Special educator works with the parent to prepare for an IEP meeting.
Nell Curran, Ph.D.
April 16, 2024

How your IEP team can get parents involved at the meeting: Steps to engage families in a collaborative IEP team

Looking to learn how your IEP team can get parents involved at the meeting? Read here for concrete steps that help your team achieve meaningful parent participation in the IEP process.

At Exceptional Lives, we know that meaningful family engagement in the IEP process makes for a better, easier process for you and for the family – and most importantly, leads to better educational outcomes. Here, we teach your IEP team how to get parent involvement in the meeting and get these better results.

If you’re a special educator, you know that the IEP process requires meaningful parent involvement. But learning exactly how your IEP team can get parents involved in the meeting may not seem straightforward or simple. You might already know that parents and families are experts on their own kid. Your team might be totally bought in, and fully want parents’ input into a student’s IEP. Even with a lot of preparation and your best intentions, though, many parents feel intimidated walking into a room full of experts. There’s uneven numbers between school and family representatives on the “sides” of an IEP table.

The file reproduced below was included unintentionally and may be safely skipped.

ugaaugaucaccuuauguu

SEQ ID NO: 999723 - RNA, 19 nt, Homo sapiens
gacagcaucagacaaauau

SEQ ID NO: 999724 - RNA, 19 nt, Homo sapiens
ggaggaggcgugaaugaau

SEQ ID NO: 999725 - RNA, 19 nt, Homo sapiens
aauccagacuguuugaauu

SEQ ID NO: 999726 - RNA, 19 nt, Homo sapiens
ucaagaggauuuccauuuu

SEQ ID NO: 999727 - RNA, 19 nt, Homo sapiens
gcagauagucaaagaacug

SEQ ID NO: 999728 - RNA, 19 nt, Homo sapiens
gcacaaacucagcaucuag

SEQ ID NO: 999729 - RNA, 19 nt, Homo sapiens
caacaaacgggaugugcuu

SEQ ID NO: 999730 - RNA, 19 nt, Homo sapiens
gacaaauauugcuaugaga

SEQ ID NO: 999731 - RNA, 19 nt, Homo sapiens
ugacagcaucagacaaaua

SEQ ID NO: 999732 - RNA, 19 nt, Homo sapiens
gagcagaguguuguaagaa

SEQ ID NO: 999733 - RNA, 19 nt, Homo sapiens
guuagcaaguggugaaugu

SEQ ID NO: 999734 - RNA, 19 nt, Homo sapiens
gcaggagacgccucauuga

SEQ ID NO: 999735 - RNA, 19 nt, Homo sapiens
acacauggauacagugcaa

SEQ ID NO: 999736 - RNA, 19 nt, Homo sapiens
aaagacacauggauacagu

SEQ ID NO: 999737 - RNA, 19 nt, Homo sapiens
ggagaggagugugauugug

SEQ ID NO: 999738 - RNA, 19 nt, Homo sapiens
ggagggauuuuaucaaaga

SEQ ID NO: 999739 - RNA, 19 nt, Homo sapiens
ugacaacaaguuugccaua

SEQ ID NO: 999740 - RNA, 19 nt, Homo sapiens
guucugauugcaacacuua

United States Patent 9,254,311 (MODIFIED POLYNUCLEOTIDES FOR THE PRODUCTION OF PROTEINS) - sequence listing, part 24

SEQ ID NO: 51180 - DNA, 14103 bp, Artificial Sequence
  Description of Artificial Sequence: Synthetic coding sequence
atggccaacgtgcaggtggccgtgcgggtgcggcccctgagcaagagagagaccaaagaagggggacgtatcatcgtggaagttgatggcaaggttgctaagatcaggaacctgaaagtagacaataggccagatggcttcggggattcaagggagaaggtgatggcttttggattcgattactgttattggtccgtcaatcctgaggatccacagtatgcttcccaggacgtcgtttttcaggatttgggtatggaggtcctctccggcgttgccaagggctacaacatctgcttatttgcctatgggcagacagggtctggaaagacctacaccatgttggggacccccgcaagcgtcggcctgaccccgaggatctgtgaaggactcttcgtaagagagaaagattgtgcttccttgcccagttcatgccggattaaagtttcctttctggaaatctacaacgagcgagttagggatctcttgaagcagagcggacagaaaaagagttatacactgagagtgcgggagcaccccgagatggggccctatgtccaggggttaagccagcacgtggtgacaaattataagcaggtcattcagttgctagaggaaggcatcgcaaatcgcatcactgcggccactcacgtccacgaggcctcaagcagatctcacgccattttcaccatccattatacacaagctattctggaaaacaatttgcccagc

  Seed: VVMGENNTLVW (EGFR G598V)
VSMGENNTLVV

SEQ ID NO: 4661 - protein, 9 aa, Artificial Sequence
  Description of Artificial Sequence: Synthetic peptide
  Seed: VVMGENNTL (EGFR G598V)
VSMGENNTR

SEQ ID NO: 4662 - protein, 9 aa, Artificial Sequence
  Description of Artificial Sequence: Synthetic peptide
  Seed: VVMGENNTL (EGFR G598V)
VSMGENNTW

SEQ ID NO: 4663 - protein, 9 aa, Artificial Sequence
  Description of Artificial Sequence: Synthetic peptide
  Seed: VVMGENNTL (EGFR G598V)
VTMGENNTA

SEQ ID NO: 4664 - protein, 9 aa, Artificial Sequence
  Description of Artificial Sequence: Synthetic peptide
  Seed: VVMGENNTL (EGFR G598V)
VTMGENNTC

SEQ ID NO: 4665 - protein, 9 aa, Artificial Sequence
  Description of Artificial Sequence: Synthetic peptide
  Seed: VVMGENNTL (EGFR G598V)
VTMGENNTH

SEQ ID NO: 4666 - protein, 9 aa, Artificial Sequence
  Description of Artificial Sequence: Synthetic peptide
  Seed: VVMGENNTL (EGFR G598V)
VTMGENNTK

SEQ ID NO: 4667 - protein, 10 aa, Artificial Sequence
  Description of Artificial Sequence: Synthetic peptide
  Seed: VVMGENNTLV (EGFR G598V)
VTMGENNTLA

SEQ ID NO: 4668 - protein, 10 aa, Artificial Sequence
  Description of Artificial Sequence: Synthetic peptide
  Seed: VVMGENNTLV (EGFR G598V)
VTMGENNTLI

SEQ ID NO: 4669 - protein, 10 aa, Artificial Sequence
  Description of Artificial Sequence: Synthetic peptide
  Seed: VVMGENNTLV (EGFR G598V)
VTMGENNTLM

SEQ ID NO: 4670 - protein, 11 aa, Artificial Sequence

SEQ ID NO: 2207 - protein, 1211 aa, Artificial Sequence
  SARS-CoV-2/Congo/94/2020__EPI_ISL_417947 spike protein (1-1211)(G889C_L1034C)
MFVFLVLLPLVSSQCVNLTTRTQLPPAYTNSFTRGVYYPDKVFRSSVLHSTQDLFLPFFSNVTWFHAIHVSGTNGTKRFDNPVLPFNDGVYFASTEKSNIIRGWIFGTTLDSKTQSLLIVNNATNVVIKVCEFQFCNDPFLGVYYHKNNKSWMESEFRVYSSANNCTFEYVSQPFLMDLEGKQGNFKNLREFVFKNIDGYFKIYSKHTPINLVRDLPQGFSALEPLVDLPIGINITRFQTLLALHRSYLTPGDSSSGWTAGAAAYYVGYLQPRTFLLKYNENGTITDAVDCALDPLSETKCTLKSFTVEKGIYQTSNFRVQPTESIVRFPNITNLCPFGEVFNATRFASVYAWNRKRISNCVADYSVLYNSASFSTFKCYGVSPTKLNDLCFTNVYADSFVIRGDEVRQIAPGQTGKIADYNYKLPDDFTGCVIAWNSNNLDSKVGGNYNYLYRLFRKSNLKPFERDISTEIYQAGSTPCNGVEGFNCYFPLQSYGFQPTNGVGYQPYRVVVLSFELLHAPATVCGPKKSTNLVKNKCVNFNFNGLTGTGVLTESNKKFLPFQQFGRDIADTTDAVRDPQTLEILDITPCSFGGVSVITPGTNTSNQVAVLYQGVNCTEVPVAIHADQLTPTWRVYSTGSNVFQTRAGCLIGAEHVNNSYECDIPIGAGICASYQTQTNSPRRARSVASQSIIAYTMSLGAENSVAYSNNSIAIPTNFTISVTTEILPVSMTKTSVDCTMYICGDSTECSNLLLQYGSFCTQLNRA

Many parents also might carry baggage from their prior experiences with school teams, and even from their own education. Families may not feel like they have equal power or a strong voice in their children’s education. It can be really hard to weigh in on goals or options and participate in the IEP process if they aren’t speaking from a position of strength.

If you want families to participate in an IEP meeting, then, you can help them get past discomfort by providing scaffolding that helps them find their voice during the meeting itself. Here’s a few strategies to help. 

Set yourself up for success by preparing ahead of time